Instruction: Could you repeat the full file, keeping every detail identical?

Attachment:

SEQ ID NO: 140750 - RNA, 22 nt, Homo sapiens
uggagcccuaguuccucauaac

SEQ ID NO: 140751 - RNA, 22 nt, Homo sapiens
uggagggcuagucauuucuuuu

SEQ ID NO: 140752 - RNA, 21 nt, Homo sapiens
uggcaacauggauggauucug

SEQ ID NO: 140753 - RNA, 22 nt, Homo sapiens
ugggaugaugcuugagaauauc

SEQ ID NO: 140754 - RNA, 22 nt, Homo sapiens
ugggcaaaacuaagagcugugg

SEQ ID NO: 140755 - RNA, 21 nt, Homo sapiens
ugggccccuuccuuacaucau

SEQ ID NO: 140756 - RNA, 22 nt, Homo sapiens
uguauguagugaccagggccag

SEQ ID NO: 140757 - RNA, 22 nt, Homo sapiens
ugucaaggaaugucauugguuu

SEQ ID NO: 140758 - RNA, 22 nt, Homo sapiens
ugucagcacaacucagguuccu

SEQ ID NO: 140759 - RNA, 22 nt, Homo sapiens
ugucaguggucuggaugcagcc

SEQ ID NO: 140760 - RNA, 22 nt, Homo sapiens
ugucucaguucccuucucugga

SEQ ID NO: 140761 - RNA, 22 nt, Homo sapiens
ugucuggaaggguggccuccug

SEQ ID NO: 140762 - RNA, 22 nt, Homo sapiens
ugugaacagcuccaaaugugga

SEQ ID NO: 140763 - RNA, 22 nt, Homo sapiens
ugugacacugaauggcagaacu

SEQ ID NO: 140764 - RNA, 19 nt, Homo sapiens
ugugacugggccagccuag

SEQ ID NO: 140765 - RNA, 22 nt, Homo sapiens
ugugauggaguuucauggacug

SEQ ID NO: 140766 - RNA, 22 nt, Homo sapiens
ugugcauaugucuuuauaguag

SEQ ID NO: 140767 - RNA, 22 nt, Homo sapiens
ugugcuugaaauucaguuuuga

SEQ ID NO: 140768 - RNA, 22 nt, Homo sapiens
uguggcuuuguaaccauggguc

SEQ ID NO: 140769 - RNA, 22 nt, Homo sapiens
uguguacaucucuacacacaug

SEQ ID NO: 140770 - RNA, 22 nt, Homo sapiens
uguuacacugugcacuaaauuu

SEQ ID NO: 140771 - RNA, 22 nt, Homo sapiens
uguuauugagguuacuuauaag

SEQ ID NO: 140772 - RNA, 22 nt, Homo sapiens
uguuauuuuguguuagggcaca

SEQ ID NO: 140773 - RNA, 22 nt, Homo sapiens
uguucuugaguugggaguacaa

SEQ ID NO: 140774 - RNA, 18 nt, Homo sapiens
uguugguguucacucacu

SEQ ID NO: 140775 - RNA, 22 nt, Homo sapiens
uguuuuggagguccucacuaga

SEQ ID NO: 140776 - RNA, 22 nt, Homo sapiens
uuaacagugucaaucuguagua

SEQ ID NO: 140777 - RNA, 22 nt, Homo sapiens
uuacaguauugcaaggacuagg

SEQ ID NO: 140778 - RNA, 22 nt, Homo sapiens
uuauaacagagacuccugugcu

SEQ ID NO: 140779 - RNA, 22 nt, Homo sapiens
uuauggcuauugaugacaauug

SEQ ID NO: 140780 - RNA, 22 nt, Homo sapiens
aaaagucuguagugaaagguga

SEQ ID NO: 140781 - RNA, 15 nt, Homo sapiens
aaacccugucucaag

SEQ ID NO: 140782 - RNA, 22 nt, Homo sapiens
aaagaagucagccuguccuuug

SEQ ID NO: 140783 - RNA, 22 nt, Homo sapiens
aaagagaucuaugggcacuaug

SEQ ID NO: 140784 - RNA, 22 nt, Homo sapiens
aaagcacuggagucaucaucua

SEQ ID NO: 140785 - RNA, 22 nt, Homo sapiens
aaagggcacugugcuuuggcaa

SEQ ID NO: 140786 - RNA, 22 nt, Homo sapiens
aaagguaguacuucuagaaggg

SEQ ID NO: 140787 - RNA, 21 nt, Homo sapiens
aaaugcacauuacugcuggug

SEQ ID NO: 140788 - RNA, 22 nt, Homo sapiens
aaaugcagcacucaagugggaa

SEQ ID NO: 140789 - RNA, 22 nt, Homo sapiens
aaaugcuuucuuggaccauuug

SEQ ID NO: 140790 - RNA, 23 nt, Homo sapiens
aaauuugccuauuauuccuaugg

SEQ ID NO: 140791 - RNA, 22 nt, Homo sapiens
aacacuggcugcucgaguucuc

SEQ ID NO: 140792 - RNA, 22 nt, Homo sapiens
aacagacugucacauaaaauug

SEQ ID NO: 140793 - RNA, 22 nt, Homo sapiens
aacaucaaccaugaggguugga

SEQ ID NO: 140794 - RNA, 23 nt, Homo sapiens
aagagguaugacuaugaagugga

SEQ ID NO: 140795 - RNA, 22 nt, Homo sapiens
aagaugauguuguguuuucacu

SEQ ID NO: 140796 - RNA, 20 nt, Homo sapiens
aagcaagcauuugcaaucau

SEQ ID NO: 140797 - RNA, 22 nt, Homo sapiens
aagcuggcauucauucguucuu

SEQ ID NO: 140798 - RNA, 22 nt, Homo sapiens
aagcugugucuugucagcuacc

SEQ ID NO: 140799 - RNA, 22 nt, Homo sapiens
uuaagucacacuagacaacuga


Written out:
SEQ ID NO: 140750 - RNA, 22 nt, Homo sapiens
uggagcccuaguuccucauaac

SEQ ID NO: 140751 - RNA, 22 nt, Homo sapiens
uggagggcuagucauuucuuuu

SEQ ID NO: 140752 - RNA, 21 nt, Homo sapiens
uggcaacauggauggauucug

SEQ ID NO: 140753 - RNA, 22 nt, Homo sapiens
ugggaugaugcuugagaauauc

SEQ ID NO: 140754 - RNA, 22 nt, Homo sapiens
ugggcaaaacuaagagcugugg

SEQ ID NO: 140755 - RNA, 21 nt, Homo sapiens
ugggccccuuccuuacaucau

SEQ ID NO: 140756 - RNA, 22 nt, Homo sapiens
uguauguagugaccagggccag

SEQ ID NO: 140757 - RNA, 22 nt, Homo sapiens
ugucaaggaaugucauugguuu

SEQ ID NO: 140758 - RNA, 22 nt, Homo sapiens
ugucagcacaacucagguuccu

SEQ ID NO: 140759 - RNA, 22 nt, Homo sapiens
ugucaguggucuggaugcagcc

SEQ ID NO: 140760 - RNA, 22 nt, Homo sapiens
ugucucaguucccuucucugga

SEQ ID NO: 140761 - RNA, 22 nt, Homo sapiens
ugucuggaaggguggccuccug

SEQ ID NO: 140762 - RNA, 22 nt, Homo sapiens
ugugaacagcuccaaaugugga

SEQ ID NO: 140763 - RNA, 22 nt, Homo sapiens
ugugacacugaauggcagaacu

SEQ ID NO: 140764 - RNA, 19 nt, Homo sapiens
ugugacugggccagccuag

SEQ ID NO: 140765 - RNA, 22 nt, Homo sapiens
ugugauggaguuucauggacug

SEQ ID NO: 140766 - RNA, 22 nt, Homo sapiens
ugugcauaugucuuuauaguag

SEQ ID NO: 140767 - RNA, 22 nt, Homo sapiens
ugugcuugaaauucaguuuuga

SEQ ID NO: 140768 - RNA, 22 nt, Homo sapiens
uguggcuuuguaaccauggguc

SEQ ID NO: 140769 - RNA, 22 nt, Homo sapiens
uguguacaucucuacacacaug

SEQ ID NO: 140770 - RNA, 22 nt, Homo sapiens
uguuacacugugcacuaaauuu

SEQ ID NO: 140771 - RNA, 22 nt, Homo sapiens
uguuauugagguuacuuauaag

SEQ ID NO: 140772 - RNA, 22 nt, Homo sapiens
uguuauuuuguguuagggcaca

SEQ ID NO: 140773 - RNA, 22 nt, Homo sapiens
uguucuugaguugggaguacaa

SEQ ID NO: 140774 - RNA, 18 nt, Homo sapiens
uguugguguucacucacu

SEQ ID NO: 140775 - RNA, 22 nt, Homo sapiens
uguuuuggagguccucacuaga

SEQ ID NO: 140776 - RNA, 22 nt, Homo sapiens
uuaacagugucaaucuguagua

SEQ ID NO: 140777 - RNA, 22 nt, Homo sapiens
uuacaguauugcaaggacuagg

SEQ ID NO: 140778 - RNA, 22 nt, Homo sapiens
uuauaacagagacuccugugcu

SEQ ID NO: 140779 - RNA, 22 nt, Homo sapiens
uuauggcuauugaugacaauug

SEQ ID NO: 140780 - RNA, 22 nt, Homo sapiens
aaaagucuguagugaaagguga

SEQ ID NO: 140781 - RNA, 15 nt, Homo sapiens
aaacccugucucaag

SEQ ID NO: 140782 - RNA, 22 nt, Homo sapiens
aaagaagucagccuguccuuug

SEQ ID NO: 140783 - RNA, 22 nt, Homo sapiens
aaagagaucuaugggcacuaug

SEQ ID NO: 140784 - RNA, 22 nt, Homo sapiens
aaagcacuggagucaucaucua

SEQ ID NO: 140785 - RNA, 22 nt, Homo sapiens
aaagggcacugugcuuuggcaa

SEQ ID NO: 140786 - RNA, 22 nt, Homo sapiens
aaagguaguacuucuagaaggg

SEQ ID NO: 140787 - RNA, 21 nt, Homo sapiens
aaaugcacauuacugcuggug

SEQ ID NO: 140788 - RNA, 22 nt, Homo sapiens
aaaugcagcacucaagugggaa

SEQ ID NO: 140789 - RNA, 22 nt, Homo sapiens
aaaugcuuucuuggaccauuug

SEQ ID NO: 140790 - RNA, 23 nt, Homo sapiens
aaauuugccuauuauuccuaugg

SEQ ID NO: 140791 - RNA, 22 nt, Homo sapiens
aacacuggcugcucgaguucuc

SEQ ID NO: 140792 - RNA, 22 nt, Homo sapiens
aacagacugucacauaaaauug

SEQ ID NO: 140793 - RNA, 22 nt, Homo sapiens
aacaucaaccaugaggguugga

SEQ ID NO: 140794 - RNA, 23 nt, Homo sapiens
aagagguaugacuaugaagugga

SEQ ID NO: 140795 - RNA, 22 nt, Homo sapiens
aagaugauguuguguuuucacu

SEQ ID NO: 140796 - RNA, 20 nt, Homo sapiens
aagcaagcauuugcaaucau

SEQ ID NO: 140797 - RNA, 22 nt, Homo sapiens
aagcuggcauucauucguucuu

SEQ ID NO: 140798 - RNA, 22 nt, Homo sapiens
aagcugugucuugucagcuacc

SEQ ID NO: 140799 - RNA, 22 nt, Homo sapiens
uuaagucacacuagacaacuga